Let Me Feel Your Finger First - Anxious Rocks, Artworld Careerists and Ignoble Racial Stereotyping - FAD Magazine

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Let Me Feel Your Finger First – Anxious Rocks, Artworld Careerists and Ignoble Racial Stereotyping

‘Backhander’ opened last week at Studio1.1, a solo exhibition of new work from London-based comic art project Let Me Feel Your Finger First (LMFYFF). The show features three new animated works: ‘Post-Colonial Cannibal’, a new installment of the ‘Ontologically Anxious Organism’ series and ‘Backhander’.

Let Me Feel Your Finger First is an artists animator collection, who go against the grain by rejecting conventional character animation, with works that utterly revel in it, embracing it, dissecting it, playing with it. These three new LMFYFF characters each have their roots in animation, a move which sees them transformed from children’s cartoon, character-based scenario, frame-by-frame construction to complex characters that call forth fascinating questions and existential dilemmas in a playful and charming way.

The realisation is a wonderfully provocative, playful and intriguing host of characters, who arouse fascination, at the show you’ll meet a cooking pot whose Jack-in-the-Box inhabitants allude to animation’s ignoble history of racial stereotyping, a character whose existential anxiety compels him to disguise himself as a rock from an Asterix comic background and a pair of puppets who satirise pretentious, art-world careerists.

Coinciding with the exhibition, Ontologically Anxious Organism (Episode Two) is being simultaneously premiered in Animate Projects online exhibition space. Curater Angela Kingston has written an accompanying text entitled Acting Dumb and Playing Dead.

Ontologically Anxious Organism is nervous about the notion of character. He feels the other members of his comic family trying to rise up inside him and use him as an exit. So he disguised himself as a boulder (the type of boulder one might overlook in some Asterix comic). In Episode Two of the animated series, Ontologically Anxious Organism grapples with existence as he meets his maker.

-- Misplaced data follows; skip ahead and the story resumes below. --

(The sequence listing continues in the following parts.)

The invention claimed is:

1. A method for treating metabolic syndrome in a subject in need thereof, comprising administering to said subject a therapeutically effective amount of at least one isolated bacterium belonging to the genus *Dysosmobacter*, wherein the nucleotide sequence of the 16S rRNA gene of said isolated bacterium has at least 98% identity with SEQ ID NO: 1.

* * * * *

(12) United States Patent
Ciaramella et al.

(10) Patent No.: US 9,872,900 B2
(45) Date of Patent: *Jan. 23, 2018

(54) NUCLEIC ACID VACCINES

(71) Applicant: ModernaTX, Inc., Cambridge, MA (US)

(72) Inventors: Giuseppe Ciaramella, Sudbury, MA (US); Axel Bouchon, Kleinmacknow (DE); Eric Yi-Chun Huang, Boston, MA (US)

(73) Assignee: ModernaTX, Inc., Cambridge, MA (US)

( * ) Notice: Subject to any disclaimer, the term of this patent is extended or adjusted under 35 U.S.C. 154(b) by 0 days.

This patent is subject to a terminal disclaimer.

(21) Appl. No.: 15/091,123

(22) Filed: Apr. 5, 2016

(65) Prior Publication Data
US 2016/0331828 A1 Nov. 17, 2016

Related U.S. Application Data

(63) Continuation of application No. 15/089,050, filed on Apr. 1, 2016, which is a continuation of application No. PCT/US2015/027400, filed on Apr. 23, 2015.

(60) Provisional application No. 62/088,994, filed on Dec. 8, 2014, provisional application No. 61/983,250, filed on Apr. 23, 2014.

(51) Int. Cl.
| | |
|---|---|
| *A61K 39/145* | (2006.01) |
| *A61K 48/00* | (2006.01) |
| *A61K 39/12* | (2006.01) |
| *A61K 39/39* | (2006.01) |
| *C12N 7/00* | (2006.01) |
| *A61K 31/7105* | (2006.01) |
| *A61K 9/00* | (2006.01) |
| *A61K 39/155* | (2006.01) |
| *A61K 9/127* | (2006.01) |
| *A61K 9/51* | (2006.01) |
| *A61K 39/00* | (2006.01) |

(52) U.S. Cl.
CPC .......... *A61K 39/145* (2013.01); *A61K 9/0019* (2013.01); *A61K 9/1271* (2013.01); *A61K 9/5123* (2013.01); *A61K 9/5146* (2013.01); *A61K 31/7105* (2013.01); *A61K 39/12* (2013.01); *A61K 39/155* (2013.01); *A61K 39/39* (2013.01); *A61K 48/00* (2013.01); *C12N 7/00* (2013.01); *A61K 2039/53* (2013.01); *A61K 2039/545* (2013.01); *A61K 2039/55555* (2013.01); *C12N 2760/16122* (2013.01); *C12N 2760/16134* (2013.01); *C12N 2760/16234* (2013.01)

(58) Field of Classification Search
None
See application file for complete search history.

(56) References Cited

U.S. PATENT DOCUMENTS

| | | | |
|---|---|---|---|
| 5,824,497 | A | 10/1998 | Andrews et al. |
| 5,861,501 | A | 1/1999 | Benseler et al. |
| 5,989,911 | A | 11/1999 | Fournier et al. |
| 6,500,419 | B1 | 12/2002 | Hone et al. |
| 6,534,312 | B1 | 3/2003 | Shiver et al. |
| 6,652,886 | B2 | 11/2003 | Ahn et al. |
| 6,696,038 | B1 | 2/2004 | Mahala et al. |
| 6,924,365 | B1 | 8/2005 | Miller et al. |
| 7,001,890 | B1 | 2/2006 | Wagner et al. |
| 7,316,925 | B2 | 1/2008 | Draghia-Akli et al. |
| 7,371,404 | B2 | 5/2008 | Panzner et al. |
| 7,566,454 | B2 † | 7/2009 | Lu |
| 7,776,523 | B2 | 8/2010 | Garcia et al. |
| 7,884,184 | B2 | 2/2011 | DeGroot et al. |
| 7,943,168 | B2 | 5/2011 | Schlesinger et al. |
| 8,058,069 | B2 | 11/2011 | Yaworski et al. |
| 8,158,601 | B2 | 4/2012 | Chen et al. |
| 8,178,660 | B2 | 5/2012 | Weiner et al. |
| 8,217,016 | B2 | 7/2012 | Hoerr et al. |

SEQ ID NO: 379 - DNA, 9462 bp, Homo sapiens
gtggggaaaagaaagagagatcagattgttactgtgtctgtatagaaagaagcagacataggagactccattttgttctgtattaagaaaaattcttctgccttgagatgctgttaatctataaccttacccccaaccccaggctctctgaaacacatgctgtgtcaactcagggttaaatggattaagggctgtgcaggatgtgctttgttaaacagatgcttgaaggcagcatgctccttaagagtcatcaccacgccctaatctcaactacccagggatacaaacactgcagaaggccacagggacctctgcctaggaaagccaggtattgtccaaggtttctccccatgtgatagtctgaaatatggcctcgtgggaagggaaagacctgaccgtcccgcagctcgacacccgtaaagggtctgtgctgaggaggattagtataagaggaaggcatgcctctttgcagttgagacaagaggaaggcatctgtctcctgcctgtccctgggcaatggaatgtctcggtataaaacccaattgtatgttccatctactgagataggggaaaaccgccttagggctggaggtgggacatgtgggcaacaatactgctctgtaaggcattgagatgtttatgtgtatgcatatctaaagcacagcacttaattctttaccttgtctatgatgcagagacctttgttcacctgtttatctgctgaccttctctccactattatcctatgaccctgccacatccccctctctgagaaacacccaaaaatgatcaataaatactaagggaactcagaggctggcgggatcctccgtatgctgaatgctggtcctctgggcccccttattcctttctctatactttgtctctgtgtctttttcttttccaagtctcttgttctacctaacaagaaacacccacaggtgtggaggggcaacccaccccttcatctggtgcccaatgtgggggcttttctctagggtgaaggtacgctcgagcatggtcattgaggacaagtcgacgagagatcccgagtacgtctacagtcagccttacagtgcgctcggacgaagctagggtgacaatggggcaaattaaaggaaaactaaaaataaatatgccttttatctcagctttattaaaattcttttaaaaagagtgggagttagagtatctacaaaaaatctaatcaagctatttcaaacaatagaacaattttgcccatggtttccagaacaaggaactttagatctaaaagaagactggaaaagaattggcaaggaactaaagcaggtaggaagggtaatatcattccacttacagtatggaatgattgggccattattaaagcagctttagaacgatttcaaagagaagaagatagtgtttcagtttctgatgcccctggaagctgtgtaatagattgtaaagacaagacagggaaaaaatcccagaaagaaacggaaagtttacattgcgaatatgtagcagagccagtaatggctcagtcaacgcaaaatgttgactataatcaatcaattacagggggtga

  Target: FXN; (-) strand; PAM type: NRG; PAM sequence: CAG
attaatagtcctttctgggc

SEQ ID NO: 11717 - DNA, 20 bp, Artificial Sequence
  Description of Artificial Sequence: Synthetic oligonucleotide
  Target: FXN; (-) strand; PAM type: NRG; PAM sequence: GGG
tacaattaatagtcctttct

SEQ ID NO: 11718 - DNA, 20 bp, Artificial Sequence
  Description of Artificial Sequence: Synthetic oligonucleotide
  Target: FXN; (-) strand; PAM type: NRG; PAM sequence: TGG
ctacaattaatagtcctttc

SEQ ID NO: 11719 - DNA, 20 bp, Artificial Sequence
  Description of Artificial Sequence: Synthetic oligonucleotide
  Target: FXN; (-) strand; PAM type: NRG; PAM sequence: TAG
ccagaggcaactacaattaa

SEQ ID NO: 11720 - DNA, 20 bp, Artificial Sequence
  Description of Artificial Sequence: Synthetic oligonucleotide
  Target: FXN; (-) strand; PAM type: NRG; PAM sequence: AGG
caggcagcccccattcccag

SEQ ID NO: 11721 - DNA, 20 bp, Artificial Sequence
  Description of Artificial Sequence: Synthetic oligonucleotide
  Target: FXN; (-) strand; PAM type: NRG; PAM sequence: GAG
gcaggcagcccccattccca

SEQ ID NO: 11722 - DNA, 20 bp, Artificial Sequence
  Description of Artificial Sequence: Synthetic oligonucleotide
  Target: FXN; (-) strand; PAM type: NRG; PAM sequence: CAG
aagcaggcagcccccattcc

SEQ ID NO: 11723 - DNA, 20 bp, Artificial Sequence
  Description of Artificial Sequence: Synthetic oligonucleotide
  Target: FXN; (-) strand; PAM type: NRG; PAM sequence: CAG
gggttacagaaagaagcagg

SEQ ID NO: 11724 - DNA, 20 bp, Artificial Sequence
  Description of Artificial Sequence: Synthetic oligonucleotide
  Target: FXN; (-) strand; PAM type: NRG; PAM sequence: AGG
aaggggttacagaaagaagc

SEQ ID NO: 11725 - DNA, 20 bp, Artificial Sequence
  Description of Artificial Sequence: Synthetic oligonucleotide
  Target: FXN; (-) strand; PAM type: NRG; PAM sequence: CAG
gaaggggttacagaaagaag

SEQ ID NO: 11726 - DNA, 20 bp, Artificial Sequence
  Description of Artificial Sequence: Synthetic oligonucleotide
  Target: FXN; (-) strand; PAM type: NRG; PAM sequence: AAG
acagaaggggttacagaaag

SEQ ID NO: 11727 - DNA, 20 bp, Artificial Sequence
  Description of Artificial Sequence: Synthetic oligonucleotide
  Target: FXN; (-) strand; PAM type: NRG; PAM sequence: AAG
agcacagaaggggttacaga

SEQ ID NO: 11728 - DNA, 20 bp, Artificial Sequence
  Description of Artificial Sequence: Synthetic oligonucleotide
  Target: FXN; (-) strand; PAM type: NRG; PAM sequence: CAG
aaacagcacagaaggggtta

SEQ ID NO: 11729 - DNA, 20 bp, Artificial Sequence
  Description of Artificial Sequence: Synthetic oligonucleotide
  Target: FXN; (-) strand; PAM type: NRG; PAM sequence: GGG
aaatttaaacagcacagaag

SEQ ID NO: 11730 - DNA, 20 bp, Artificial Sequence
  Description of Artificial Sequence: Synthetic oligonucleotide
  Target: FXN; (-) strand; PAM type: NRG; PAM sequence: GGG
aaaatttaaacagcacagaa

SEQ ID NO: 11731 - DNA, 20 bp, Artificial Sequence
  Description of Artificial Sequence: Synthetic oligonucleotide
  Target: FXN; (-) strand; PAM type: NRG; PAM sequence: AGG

In the 1930s a popular genre of animated film emerged in the United States – the cannibal cartoon – in which the anthropomorphised white ‘hero’, marooned on an island, was captured by a tribe of savage black cannibals and thrown into the cooking pot. LMFYFF’s provocative new character Post-Colonial Cannibal is a Frankenstein creation, reconfigured from the vestiges of this half-forgotten, problematical imagery. A character that remixes the conventional cartoon ‘savage’ and takes aim at animation’s ignoble history of racial stereotyping. Anthropophagy and anthropomorphism: constructing ‘Post-Colonial Cannibal’ an article by LMFYFF on the development of the character was recently published in the inaugural edition of Animation Practice, Process and Production (Ed. Paul Wells) LMFYFF recently gave a lecture performance on the Post-Colonial Cannibal project at the acclaimed independent music and arts festival Supernormal, held in Braziers Park, Oxfordshire each August.


L.M.F.Y.F.F. presents ‘BACKHANDER’ starring KUNST the giraffe and SNIDE the ostrich (Art-world careerists: Emergent type) in a puppet portrayal of power, ambition and manoeuvring. Die Macht! Die Macht.




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